Temperatures are expected to rise further in the UK, while the heatwave has contributed to deadly wildfires in France, Greece, Portugal and Spain.

"A lot of our infrastructure is just not built for this temperature," said UK's Transport Secretary Grant Shapps, as some rail lines were closed as a precaution against the extreme heat. (AP)

The United Kingdom has recorded its highest ever temperature as a fierce heatwave leaves much of western Europe sweltering, fuelling ferocious wildfires and stretching emergency services.

After UK's warmest night on record, the country's Met Office registered a provisional reading of 40.2 degrees Celsius (104.4 degrees Fahrenheit) at Heathrow Airport on Tuesday, breaching the 40C mark for the first time.

"Temperatures are likely to rise further through today," the Met Office meteorological agency added. Before Tuesday, the highest temperature recorded in Britain was 38.7 C (101.7 F), a record set in 2019.

The high temperatures have triggered an unprecedented red alert for extreme heat in much of England and Wales, where some rail lines were closed as a precaution and schools shuttered in some areas.

Experts blame climate change for the latest heatwave and note the more frequent extreme weather will only worsen in years to come.

World Meteorological Organization Secretary-General Petteri Taalas expressed hope that the heat would serve as a “wake-up call” for governments and voters to do more on climate change.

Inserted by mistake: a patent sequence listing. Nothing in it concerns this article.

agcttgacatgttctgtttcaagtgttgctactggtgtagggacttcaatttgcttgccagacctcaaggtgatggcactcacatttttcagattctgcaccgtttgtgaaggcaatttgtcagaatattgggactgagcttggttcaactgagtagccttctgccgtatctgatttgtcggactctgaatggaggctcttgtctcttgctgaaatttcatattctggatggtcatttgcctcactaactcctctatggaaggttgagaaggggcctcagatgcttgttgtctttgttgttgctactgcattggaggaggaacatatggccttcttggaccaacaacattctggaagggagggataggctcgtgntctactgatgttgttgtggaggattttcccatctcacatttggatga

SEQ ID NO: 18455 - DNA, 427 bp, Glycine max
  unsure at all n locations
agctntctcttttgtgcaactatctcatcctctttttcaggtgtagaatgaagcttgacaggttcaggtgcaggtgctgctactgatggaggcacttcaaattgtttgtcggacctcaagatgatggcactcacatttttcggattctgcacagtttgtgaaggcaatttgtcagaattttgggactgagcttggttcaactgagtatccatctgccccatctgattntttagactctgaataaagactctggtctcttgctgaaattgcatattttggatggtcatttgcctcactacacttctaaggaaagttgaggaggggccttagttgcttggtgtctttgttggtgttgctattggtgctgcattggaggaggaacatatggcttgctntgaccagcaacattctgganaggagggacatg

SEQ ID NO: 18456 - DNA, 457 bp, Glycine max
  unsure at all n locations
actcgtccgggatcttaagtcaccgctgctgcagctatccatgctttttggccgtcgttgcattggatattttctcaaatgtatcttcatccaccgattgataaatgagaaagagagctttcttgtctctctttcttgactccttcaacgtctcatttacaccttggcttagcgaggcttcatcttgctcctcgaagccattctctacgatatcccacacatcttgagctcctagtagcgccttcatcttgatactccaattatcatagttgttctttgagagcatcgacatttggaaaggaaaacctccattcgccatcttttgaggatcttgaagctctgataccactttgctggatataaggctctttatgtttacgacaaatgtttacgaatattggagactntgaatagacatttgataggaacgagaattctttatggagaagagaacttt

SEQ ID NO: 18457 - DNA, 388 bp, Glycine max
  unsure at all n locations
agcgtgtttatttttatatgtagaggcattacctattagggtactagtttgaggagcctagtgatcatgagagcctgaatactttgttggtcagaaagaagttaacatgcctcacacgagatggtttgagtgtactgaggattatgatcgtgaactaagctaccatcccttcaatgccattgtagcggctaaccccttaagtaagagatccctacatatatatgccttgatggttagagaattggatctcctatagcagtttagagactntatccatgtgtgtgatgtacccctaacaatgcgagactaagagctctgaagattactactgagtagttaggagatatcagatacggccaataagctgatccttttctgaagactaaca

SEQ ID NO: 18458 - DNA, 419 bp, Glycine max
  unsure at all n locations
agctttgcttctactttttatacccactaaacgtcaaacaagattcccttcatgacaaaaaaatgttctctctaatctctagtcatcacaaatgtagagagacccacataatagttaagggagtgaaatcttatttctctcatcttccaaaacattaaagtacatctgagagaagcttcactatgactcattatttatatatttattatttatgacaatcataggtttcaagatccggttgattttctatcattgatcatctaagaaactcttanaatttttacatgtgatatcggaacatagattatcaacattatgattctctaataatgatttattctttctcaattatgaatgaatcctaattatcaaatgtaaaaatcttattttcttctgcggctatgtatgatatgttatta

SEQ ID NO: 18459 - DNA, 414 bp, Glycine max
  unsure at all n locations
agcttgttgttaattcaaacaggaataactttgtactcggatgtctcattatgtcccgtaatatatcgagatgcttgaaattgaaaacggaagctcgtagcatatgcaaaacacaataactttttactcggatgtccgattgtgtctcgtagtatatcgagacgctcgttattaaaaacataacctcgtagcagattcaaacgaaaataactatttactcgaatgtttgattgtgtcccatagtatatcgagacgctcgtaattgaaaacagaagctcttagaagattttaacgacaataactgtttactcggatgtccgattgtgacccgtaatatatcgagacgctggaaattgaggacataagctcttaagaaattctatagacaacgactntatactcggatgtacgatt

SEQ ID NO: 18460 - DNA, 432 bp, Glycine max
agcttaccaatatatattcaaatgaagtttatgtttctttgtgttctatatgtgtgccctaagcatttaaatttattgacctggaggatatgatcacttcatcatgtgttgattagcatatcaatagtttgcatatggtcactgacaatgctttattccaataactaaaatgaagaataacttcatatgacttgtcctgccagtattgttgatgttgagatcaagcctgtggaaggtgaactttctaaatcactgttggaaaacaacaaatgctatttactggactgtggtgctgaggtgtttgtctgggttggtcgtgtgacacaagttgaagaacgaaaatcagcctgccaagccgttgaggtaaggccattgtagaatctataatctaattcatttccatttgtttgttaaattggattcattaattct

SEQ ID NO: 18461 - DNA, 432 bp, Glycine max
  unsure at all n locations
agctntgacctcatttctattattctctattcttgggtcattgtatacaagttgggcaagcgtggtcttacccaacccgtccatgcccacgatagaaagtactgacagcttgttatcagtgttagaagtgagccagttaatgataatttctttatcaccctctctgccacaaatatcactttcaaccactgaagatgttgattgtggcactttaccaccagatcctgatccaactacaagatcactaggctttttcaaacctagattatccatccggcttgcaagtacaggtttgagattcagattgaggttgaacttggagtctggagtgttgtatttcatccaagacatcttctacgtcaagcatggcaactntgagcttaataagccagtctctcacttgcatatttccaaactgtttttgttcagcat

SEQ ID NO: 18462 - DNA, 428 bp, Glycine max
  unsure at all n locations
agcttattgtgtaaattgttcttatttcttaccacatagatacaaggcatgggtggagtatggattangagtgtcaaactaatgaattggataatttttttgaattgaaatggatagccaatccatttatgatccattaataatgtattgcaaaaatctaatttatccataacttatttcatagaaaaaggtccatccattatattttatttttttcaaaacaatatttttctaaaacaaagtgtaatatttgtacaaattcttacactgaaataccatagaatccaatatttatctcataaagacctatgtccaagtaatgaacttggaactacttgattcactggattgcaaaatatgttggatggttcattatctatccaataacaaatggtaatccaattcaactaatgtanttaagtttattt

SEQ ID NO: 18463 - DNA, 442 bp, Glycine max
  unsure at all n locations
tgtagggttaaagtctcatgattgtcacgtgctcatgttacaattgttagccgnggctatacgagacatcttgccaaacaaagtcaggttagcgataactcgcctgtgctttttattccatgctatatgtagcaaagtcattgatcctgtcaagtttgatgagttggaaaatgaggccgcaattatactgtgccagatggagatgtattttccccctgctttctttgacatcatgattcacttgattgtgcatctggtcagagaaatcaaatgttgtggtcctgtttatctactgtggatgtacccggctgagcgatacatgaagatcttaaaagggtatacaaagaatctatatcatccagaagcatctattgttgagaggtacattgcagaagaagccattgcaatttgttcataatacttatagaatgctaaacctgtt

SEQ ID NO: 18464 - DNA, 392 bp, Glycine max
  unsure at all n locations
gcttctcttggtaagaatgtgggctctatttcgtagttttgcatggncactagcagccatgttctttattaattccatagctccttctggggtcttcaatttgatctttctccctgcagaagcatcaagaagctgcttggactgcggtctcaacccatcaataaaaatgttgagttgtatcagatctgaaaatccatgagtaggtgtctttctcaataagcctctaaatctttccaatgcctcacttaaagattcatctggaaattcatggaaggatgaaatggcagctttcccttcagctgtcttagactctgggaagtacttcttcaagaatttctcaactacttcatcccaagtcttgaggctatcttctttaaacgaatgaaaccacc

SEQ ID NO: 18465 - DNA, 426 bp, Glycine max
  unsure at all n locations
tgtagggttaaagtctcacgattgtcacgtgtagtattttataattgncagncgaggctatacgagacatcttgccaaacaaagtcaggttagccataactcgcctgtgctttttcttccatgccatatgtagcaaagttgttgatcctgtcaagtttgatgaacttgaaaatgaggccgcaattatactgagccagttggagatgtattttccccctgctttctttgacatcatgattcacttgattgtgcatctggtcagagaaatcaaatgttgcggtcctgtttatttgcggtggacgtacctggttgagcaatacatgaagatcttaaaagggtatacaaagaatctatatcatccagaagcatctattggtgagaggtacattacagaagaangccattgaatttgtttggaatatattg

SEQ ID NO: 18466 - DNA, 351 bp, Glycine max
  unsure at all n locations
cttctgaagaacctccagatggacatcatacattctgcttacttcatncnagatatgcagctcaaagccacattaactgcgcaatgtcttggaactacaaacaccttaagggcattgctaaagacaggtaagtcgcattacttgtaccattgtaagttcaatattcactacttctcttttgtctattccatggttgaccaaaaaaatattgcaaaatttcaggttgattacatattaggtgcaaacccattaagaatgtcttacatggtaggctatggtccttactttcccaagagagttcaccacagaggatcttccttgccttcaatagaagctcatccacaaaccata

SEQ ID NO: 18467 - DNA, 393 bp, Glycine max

The WMO warned that temperatures may remain above normal into the middle of next week, adding that such events could occur with greater frequency in the future.

READ MORE: Europe heatwave: UK, France brace for hottest day on record

Wildfires and scorching temperatures across Europe

The heatwave, the second to engulf parts of Europe in recent weeks, has contributed to deadly wildfires in France, Greece, Portugal and Spain, destroying vast tracts of land.

Record high temperatures were registered in 64 different areas around France on Monday as a heatwave peaked in the country, the national weather service confirmed on Tuesday.

Most of the highs were recorded along the western Atlantic coast where temperatures have soared above 40 degrees Celsius (104 degrees Fahrenheit) and several forest fires are raging.

The all-time high temperature in mainland France dates to 2019 when the southern village of Verargues, north-east of Montpellier, clocked 46C.

Elsewhere, temperatures could locally exceed 40C in Belgium near the French border, prompting the Royal Meteorological Institute to issue its highest alert level.

In Germany, temperatures were expected to reach up to 40C in the west.

The hot, dry summer so far has raised fears of drought, with the German Farmers' Association president warning of "major losses" in food production.

READ MORE: Half of EU territory 'at risk' of drought as Europe swelters in heatwave

Source: TRTWorld and agencies